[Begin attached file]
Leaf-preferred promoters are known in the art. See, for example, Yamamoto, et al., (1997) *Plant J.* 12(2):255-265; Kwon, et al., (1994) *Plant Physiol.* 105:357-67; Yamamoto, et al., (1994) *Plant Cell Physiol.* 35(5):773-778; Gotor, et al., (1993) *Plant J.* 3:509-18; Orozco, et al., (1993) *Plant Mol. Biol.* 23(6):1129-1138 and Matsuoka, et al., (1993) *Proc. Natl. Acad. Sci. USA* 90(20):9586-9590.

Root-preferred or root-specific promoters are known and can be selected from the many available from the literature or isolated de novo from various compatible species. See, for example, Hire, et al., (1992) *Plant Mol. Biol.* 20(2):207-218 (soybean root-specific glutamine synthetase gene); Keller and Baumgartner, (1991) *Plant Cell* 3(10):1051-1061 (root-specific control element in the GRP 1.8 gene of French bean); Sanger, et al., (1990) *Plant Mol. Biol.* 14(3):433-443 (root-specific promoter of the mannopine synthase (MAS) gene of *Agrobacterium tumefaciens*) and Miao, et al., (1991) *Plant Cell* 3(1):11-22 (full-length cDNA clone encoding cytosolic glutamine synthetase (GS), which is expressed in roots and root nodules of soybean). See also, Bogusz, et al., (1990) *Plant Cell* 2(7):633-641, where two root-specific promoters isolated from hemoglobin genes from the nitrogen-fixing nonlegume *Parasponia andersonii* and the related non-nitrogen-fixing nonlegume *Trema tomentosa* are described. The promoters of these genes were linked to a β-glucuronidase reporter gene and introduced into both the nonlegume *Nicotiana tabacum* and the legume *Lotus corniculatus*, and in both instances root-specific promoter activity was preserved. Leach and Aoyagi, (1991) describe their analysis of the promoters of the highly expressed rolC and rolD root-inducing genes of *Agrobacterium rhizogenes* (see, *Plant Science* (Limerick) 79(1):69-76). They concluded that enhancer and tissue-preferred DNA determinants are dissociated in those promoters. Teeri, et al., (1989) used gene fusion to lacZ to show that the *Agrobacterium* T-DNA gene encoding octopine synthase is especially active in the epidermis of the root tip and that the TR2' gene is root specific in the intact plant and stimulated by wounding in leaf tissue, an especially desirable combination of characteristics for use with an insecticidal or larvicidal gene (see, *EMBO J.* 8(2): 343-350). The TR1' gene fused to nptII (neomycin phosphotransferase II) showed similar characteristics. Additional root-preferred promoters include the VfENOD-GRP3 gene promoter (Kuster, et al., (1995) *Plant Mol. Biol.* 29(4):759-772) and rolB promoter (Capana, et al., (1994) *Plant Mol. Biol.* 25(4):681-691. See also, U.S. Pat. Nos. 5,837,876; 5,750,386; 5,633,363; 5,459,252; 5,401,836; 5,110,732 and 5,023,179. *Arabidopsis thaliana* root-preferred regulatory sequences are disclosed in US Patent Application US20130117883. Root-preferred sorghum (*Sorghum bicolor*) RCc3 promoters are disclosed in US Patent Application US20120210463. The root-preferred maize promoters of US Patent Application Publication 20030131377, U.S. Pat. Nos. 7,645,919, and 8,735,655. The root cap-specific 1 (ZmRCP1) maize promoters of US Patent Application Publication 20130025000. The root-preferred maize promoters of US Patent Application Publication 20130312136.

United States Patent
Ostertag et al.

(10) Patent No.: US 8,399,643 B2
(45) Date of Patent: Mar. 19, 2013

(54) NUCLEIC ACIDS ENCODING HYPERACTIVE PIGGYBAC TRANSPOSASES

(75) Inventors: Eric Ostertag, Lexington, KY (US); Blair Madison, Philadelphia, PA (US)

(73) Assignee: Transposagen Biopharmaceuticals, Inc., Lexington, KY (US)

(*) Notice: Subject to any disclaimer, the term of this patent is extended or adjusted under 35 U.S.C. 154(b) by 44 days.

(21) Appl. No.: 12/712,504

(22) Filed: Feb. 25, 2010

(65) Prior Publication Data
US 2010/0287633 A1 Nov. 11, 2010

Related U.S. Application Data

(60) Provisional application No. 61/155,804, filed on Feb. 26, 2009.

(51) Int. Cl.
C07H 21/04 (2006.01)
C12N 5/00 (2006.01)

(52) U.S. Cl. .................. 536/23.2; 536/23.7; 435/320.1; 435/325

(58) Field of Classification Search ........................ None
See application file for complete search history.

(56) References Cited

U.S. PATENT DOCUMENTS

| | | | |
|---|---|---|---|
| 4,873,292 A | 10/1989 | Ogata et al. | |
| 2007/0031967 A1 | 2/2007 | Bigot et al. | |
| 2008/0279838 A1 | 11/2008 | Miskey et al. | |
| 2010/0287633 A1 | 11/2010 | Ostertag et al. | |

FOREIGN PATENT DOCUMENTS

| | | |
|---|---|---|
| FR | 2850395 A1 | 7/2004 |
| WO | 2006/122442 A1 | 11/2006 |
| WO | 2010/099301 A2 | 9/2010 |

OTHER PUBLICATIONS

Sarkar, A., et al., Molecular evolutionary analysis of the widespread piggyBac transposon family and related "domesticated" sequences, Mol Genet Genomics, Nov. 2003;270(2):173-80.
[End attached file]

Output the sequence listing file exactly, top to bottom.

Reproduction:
Leaf-preferred promoters are known in the art. See, for example, Yamamoto, et al., (1997) *Plant J.* 12(2):255-265; Kwon, et al., (1994) *Plant Physiol.* 105:357-67; Yamamoto, et al., (1994) *Plant Cell Physiol.* 35(5):773-778; Gotor, et al., (1993) *Plant J.* 3:509-18; Orozco, et al., (1993) *Plant Mol. Biol.* 23(6):1129-1138 and Matsuoka, et al., (1993) *Proc. Natl. Acad. Sci. USA* 90(20):9586-9590.

Root-preferred or root-specific promoters are known and can be selected from the many available from the literature or isolated de novo from various compatible species. See, for example, Hire, et al., (1992) *Plant Mol. Biol.* 20(2):207-218 (soybean root-specific glutamine synthetase gene); Keller and Baumgartner, (1991) *Plant Cell* 3(10):1051-1061 (root-specific control element in the GRP 1.8 gene of French bean); Sanger, et al., (1990) *Plant Mol. Biol.* 14(3):433-443 (root-specific promoter of the mannopine synthase (MAS) gene of *Agrobacterium tumefaciens*) and Miao, et al., (1991) *Plant Cell* 3(1):11-22 (full-length cDNA clone encoding cytosolic glutamine synthetase (GS), which is expressed in roots and root nodules of soybean). See also, Bogusz, et al., (1990) *Plant Cell* 2(7):633-641, where two root-specific promoters isolated from hemoglobin genes from the nitrogen-fixing nonlegume *Parasponia andersonii* and the related non-nitrogen-fixing nonlegume *Trema tomentosa* are described. The promoters of these genes were linked to a β-glucuronidase reporter gene and introduced into both the nonlegume *Nicotiana tabacum* and the legume *Lotus corniculatus*, and in both instances root-specific promoter activity was preserved. Leach and Aoyagi, (1991) describe their analysis of the promoters of the highly expressed rolC and rolD root-inducing genes of *Agrobacterium rhizogenes* (see, *Plant Science* (Limerick) 79(1):69-76). They concluded that enhancer and tissue-preferred DNA determinants are dissociated in those promoters. Teeri, et al., (1989) used gene fusion to lacZ to show that the *Agrobacterium* T-DNA gene encoding octopine synthase is especially active in the epidermis of the root tip and that the TR2' gene is root specific in the intact plant and stimulated by wounding in leaf tissue, an especially desirable combination of characteristics for use with an insecticidal or larvicidal gene (see, *EMBO J.* 8(2): 343-350). The TR1' gene fused to nptII (neomycin phosphotransferase II) showed similar characteristics. Additional root-preferred promoters include the VfENOD-GRP3 gene promoter (Kuster, et al., (1995) *Plant Mol. Biol.* 29(4):759-772) and rolB promoter (Capana, et al., (1994) *Plant Mol. Biol.* 25(4):681-691. See also, U.S. Pat. Nos. 5,837,876; 5,750,386; 5,633,363; 5,459,252; 5,401,836; 5,110,732 and 5,023,179. *Arabidopsis thaliana* root-preferred regulatory sequences are disclosed in US Patent Application US20130117883. Root-preferred sorghum (*Sorghum bicolor*) RCc3 promoters are disclosed in US Patent Application US20120210463. The root-preferred maize promoters of US Patent Application Publication 20030131377, U.S. Pat. Nos. 7,645,919, and 8,735,655. The root cap-specific 1 (ZmRCP1) maize promoters of US Patent Application Publication 20130025000. The root-preferred maize promoters of US Patent Application Publication 20130312136.

United States Patent
Ostertag et al.

(10) Patent No.: US 8,399,643 B2
(45) Date of Patent: Mar. 19, 2013

(54) NUCLEIC ACIDS ENCODING HYPERACTIVE PIGGYBAC TRANSPOSASES

(75) Inventors: Eric Ostertag, Lexington, KY (US); Blair Madison, Philadelphia, PA (US)

(73) Assignee: Transposagen Biopharmaceuticals, Inc., Lexington, KY (US)

(*) Notice: Subject to any disclaimer, the term of this patent is extended or adjusted under 35 U.S.C. 154(b) by 44 days.

(21) Appl. No.: 12/712,504

(22) Filed: Feb. 25, 2010

(65) Prior Publication Data
US 2010/0287633 A1 Nov. 11, 2010

Related U.S. Application Data

(60) Provisional application No. 61/155,804, filed on Feb. 26, 2009.

(51) Int. Cl.
C07H 21/04 (2006.01)
C12N 5/00 (2006.01)

(52) U.S. Cl. .................. 536/23.2; 536/23.7; 435/320.1; 435/325

(58) Field of Classification Search ........................ None
See application file for complete search history.

(56) References Cited

U.S. PATENT DOCUMENTS

| | | | |
|---|---|---|---|
| 4,873,292 A | 10/1989 | Ogata et al. | |
| 2007/0031967 A1 | 2/2007 | Bigot et al. | |
| 2008/0279838 A1 | 11/2008 | Miskey et al. | |
| 2010/0287633 A1 | 11/2010 | Ostertag et al. | |

FOREIGN PATENT DOCUMENTS

| | | |
|---|---|---|
| FR | 2850395 A1 | 7/2004 |
| WO | 2006/122442 A1 | 11/2006 |
| WO | 2010/099301 A2 | 9/2010 |

OTHER PUBLICATIONS

Sarkar, A., et al., Molecular evolutionary analysis of the widespread piggyBac transposon family and related "domesticated" sequences, Mol Genet Genomics, Nov. 2003;270(2):173-80.